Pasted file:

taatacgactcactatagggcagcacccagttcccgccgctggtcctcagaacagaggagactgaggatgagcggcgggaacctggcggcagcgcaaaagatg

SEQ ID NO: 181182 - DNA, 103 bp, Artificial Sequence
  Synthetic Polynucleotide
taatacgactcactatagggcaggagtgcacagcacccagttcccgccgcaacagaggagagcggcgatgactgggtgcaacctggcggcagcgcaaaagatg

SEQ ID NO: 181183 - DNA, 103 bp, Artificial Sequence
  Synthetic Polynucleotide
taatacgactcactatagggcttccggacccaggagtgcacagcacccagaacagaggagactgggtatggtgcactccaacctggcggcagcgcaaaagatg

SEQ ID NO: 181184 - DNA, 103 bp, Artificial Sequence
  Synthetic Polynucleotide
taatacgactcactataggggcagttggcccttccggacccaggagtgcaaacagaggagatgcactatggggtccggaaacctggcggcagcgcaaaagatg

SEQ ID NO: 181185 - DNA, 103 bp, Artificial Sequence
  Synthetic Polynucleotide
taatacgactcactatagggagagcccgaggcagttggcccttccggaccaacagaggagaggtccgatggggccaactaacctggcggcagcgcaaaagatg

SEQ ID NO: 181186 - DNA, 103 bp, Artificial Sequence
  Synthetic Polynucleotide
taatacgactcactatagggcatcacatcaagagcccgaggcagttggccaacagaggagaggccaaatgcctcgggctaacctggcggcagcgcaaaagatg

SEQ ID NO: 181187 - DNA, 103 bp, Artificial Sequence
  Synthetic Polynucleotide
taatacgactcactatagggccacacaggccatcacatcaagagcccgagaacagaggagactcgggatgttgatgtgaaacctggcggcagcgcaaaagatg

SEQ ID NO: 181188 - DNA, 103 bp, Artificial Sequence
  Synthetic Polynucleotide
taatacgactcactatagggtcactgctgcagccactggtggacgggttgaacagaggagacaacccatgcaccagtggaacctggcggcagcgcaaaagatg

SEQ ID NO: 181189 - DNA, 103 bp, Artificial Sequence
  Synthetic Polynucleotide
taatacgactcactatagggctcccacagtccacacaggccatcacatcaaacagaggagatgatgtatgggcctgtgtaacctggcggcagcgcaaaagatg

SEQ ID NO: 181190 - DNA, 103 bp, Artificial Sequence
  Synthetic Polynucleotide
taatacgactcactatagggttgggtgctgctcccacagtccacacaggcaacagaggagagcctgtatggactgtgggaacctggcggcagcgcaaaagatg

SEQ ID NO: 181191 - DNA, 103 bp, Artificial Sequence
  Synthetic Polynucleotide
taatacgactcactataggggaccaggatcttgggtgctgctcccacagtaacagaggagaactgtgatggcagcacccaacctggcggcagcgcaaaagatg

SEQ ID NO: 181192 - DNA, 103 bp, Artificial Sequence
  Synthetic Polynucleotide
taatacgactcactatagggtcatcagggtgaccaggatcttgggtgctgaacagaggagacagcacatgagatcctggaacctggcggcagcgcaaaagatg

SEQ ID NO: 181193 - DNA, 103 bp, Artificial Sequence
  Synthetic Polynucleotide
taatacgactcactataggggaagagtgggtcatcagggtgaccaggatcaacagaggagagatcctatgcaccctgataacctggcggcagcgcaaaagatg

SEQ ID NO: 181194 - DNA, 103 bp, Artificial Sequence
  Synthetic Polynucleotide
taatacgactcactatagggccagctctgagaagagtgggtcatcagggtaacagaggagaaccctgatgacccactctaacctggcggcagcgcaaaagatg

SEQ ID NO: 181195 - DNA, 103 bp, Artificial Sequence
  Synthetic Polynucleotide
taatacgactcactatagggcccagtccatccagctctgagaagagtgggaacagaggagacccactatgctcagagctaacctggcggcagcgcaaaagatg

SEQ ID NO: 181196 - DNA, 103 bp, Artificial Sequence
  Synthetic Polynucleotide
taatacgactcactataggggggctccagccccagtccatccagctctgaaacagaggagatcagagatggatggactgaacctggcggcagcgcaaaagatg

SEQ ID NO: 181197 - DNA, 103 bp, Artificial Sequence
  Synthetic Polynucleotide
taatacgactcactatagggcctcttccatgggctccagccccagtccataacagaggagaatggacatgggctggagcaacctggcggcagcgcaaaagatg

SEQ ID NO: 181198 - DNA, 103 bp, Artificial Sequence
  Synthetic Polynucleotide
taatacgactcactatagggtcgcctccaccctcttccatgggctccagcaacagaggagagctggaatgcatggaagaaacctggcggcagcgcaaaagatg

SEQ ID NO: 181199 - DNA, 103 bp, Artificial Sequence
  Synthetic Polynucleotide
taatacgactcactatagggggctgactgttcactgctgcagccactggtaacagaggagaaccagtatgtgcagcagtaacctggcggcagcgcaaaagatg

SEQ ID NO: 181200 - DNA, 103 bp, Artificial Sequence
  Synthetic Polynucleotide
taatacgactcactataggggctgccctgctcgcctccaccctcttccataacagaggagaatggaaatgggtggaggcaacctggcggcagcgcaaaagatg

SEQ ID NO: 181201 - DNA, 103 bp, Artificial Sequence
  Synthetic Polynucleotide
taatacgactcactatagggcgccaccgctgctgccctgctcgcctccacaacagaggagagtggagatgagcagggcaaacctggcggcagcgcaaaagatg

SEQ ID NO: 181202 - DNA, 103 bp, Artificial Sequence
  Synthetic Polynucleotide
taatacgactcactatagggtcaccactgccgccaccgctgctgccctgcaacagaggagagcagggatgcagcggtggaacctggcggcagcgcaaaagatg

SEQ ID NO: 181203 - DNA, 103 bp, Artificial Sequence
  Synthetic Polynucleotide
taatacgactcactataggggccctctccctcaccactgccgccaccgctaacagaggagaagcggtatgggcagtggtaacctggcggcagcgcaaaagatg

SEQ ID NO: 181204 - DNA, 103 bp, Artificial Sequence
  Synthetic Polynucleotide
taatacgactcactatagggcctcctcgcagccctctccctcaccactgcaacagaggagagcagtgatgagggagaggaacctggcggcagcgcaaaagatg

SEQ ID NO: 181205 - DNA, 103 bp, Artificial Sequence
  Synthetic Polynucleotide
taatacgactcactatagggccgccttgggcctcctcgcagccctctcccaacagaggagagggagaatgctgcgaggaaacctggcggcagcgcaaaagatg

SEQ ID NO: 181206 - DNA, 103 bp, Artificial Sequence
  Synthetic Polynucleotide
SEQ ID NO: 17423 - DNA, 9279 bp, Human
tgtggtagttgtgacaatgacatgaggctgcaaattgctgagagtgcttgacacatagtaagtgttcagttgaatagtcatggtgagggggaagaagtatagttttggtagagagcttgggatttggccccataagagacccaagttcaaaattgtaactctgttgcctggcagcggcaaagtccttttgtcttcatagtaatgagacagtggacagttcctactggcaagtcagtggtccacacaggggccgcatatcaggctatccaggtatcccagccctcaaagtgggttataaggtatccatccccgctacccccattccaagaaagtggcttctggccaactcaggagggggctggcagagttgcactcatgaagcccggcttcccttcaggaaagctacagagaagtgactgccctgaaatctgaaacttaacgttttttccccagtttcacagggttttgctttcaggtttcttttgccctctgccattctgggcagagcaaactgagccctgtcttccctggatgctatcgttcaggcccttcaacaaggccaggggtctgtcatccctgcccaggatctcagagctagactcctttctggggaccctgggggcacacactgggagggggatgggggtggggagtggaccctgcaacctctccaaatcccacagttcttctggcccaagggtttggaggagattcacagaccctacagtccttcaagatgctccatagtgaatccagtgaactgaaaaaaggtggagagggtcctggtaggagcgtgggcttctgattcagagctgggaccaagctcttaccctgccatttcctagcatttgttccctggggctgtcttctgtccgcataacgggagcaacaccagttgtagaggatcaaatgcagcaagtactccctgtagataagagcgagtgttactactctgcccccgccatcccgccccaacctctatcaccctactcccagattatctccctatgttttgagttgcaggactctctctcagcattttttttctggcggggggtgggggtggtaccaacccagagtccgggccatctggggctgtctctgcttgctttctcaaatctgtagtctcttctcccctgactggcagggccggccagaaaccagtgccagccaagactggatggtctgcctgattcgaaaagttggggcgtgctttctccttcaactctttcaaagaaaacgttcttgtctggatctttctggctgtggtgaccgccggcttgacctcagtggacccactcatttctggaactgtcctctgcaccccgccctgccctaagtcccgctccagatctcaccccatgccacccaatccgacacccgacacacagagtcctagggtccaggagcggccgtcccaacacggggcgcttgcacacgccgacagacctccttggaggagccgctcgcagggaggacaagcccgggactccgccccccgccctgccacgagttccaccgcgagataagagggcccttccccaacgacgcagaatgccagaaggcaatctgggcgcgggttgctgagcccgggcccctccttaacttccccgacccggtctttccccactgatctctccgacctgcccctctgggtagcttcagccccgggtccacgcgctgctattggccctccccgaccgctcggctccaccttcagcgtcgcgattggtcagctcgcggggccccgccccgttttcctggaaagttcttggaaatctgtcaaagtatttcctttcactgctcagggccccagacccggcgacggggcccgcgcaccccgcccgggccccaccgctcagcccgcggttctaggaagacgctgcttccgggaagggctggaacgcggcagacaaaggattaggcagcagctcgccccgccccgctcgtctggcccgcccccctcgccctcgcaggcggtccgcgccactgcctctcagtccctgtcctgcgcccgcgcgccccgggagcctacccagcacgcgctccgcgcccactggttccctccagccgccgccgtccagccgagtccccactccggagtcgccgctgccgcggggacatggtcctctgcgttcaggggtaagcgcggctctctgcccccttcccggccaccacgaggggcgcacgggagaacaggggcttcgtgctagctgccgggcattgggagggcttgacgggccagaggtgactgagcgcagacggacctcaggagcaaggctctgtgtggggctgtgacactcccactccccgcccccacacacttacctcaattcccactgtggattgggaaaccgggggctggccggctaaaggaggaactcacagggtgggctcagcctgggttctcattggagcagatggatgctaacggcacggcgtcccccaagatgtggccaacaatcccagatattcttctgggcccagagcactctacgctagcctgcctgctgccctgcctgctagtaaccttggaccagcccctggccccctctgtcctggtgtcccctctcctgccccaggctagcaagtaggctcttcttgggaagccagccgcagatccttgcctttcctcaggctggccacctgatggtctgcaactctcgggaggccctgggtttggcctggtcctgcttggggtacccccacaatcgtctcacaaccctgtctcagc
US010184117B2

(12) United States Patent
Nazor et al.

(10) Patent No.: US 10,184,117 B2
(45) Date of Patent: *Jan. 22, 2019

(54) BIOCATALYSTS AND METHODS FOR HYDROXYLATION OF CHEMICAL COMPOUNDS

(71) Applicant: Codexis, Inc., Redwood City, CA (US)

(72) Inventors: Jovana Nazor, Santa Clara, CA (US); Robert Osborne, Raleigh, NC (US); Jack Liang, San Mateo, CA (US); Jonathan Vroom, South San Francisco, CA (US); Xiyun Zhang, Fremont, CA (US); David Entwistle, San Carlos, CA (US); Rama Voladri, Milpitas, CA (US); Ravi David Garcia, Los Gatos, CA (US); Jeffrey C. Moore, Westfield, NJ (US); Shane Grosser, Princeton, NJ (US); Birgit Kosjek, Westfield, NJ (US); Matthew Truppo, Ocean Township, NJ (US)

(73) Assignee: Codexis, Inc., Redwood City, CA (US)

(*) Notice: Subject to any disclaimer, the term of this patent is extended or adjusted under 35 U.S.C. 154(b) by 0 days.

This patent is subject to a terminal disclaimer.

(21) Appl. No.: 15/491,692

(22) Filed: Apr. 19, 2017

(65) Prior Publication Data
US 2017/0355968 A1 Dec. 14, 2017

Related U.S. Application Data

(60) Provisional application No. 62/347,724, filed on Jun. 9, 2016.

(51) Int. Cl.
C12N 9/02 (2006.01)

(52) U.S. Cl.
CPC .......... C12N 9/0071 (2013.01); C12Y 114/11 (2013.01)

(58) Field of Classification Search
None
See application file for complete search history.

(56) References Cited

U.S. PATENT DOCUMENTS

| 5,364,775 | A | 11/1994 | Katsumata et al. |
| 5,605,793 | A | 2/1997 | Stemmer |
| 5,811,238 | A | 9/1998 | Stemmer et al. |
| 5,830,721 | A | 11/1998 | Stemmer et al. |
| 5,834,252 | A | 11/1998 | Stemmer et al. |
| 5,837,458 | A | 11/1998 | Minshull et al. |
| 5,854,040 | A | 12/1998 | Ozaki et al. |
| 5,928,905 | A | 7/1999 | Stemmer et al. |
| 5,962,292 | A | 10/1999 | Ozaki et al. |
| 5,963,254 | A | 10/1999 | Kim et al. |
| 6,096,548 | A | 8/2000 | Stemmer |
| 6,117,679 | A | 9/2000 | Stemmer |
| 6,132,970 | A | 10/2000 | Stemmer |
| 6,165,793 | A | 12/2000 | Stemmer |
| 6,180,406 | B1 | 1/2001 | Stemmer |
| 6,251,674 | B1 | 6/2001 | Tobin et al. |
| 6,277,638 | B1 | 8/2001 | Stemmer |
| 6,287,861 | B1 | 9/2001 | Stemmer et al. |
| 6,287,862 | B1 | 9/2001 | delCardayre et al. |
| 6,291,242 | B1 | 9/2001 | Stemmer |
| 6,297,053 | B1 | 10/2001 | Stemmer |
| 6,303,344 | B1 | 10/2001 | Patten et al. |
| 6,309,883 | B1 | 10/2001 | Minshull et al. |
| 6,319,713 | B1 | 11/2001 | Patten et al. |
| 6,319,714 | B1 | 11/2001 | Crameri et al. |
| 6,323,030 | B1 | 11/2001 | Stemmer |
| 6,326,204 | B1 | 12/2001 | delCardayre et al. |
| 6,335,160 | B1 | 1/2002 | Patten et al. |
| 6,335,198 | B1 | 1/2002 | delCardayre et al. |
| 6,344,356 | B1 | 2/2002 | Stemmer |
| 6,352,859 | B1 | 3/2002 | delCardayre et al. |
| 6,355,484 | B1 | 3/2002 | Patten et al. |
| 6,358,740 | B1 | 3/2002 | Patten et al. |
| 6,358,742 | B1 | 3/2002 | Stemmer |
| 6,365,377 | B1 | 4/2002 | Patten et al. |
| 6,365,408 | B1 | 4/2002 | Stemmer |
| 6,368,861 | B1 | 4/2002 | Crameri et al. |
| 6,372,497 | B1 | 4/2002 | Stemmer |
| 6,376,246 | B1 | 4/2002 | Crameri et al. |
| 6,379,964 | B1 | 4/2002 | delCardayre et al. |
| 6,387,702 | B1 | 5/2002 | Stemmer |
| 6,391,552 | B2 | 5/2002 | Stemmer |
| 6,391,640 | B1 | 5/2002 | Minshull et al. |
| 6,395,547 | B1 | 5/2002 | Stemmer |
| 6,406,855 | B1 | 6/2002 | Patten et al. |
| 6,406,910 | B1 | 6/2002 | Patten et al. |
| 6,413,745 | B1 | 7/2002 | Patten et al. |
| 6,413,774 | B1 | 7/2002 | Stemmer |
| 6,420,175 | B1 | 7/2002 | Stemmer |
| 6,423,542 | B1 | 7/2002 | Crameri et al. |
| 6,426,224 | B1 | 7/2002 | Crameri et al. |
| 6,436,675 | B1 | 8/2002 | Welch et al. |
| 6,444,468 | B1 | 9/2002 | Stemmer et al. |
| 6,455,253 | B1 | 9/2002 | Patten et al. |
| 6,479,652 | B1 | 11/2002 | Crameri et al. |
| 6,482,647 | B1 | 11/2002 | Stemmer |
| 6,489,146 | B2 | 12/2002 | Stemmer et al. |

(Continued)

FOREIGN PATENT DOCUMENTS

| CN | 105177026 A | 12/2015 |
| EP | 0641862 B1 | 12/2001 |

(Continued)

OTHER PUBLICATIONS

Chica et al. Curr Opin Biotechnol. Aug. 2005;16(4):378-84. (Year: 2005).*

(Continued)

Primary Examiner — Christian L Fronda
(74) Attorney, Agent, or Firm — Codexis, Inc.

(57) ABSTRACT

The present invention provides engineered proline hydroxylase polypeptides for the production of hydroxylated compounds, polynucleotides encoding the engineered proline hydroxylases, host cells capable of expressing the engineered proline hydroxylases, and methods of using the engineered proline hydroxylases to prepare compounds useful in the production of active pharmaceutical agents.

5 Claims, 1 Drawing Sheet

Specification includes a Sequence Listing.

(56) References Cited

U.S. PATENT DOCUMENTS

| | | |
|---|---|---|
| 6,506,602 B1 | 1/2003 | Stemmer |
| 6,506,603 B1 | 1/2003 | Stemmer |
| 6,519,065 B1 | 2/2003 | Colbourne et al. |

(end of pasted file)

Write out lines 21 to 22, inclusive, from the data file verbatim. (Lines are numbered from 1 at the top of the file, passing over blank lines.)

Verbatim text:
  Synthetic Polynucleotide
taatacgactcactatagggtcactgctgcagccactggtggacgggttgaacagaggagacaacccatgcaccagtggaacctggcggcagcgcaaaagatg